IRRC No. 268

Efforts to eliminate torture through international law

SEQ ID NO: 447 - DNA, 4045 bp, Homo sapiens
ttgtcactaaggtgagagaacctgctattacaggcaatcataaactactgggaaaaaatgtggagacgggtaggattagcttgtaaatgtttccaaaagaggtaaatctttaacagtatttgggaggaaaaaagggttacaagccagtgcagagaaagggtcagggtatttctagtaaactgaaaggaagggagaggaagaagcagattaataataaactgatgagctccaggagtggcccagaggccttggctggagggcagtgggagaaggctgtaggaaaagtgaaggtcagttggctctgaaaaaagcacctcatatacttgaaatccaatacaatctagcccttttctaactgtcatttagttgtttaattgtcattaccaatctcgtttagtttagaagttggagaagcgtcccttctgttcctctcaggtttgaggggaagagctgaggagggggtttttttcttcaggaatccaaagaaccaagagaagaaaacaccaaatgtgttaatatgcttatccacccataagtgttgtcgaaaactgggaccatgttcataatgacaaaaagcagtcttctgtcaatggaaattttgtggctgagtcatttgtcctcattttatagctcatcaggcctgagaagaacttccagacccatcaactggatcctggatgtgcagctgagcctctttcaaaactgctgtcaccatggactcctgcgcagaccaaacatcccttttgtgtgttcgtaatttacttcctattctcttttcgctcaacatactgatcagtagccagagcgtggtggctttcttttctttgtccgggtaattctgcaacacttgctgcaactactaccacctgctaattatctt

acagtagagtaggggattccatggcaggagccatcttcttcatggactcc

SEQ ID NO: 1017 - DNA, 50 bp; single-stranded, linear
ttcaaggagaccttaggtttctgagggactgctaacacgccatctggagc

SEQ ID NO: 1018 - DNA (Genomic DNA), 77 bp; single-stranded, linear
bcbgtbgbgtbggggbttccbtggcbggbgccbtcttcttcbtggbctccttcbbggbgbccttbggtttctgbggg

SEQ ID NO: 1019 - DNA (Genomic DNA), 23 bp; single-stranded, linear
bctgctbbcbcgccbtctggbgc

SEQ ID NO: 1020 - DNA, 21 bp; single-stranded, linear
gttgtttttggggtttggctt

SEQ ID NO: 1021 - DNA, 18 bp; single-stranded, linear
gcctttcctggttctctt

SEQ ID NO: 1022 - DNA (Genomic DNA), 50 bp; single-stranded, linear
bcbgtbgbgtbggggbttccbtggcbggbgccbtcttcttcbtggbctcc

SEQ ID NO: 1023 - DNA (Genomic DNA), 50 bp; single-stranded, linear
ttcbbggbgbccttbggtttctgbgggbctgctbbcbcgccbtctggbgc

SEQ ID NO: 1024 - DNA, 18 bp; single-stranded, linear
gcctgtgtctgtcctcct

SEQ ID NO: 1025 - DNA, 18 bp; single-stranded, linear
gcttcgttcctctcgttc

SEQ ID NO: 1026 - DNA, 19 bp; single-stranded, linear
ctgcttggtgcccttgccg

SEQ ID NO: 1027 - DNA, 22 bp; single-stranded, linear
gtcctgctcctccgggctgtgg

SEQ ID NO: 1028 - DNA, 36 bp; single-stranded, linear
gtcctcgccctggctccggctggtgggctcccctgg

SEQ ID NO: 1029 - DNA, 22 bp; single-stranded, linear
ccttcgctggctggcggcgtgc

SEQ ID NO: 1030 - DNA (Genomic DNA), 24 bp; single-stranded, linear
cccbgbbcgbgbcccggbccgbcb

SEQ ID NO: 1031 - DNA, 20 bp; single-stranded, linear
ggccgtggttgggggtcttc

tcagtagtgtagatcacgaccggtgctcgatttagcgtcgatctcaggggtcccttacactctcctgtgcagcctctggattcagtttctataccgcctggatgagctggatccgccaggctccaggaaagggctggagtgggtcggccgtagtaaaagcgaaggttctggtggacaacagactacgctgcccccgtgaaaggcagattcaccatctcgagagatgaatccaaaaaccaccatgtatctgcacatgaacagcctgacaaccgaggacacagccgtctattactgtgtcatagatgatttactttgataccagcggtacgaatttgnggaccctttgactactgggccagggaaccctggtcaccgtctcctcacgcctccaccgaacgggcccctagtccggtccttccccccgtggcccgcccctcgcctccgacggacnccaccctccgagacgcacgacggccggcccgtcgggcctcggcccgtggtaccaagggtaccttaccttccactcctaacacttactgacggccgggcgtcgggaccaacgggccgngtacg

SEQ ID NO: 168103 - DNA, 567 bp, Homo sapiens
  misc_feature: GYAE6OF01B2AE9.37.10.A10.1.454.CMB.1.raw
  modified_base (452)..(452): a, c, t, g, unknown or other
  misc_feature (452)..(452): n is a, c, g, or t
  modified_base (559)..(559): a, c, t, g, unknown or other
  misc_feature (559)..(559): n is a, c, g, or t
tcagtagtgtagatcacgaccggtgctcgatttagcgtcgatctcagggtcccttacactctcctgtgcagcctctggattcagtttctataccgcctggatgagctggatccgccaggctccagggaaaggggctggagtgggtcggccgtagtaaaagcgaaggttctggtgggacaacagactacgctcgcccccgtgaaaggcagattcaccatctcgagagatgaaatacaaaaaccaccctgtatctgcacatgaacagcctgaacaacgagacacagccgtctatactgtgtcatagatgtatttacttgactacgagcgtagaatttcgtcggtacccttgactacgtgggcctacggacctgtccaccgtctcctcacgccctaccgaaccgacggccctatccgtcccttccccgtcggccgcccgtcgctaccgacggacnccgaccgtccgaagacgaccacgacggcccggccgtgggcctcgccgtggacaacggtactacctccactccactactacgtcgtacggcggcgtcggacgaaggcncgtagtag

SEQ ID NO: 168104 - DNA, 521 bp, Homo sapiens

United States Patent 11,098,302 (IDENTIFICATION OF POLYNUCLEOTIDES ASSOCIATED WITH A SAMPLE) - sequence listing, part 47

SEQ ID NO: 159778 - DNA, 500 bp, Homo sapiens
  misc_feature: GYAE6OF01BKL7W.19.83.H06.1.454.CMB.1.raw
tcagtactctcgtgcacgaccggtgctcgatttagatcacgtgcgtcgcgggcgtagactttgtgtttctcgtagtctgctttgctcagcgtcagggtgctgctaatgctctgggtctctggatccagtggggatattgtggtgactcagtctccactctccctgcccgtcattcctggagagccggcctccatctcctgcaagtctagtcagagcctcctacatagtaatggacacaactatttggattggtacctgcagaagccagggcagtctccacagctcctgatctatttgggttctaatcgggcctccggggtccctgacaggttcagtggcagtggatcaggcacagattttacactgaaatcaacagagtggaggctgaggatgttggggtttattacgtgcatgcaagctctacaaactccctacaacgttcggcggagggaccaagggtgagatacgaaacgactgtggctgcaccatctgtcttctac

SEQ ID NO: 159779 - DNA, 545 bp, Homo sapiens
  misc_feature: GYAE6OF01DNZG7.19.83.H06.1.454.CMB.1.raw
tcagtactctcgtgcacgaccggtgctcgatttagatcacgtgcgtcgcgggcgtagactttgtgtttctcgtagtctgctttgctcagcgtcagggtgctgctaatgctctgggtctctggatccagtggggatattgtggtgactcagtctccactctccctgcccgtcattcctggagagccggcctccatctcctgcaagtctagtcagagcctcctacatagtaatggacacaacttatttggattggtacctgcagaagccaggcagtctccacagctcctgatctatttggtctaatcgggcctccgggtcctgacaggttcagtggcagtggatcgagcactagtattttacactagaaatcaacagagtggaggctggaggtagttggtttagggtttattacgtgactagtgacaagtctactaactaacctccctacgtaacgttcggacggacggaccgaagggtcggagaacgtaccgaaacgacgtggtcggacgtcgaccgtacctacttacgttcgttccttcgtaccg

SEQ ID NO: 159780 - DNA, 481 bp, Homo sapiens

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The idea of “respect for human rights and for fundamental freedoms for all” has been disseminated throughout the world since the Second World War and has influenced both international law and national legislation in many States. Nevertheless, torture, that most fundamental assault on the human person, has continued over the years to be practised, either systematically or occasionally, in many countries. Torture, in which a person is intentionally subjected to extreme physical pain or emotional distress, is used mainly to elicit information, break the will to resist, intimidate, humiliate and degrade. It is also used to mete out (illegal) punishment for real or supposed wrongdoings.2 Techniques of torture include withholding food and preventing sleep, abrupt alternation of extreme cold and heat or silence and noise, total isolation, causing mental confusion and distress through misinformation or other means, the use of brute force- sometimes resulting in permanent mutilation- rape, electric shocks, the application of chemicals and Pharmaceuticals, finally death threats.

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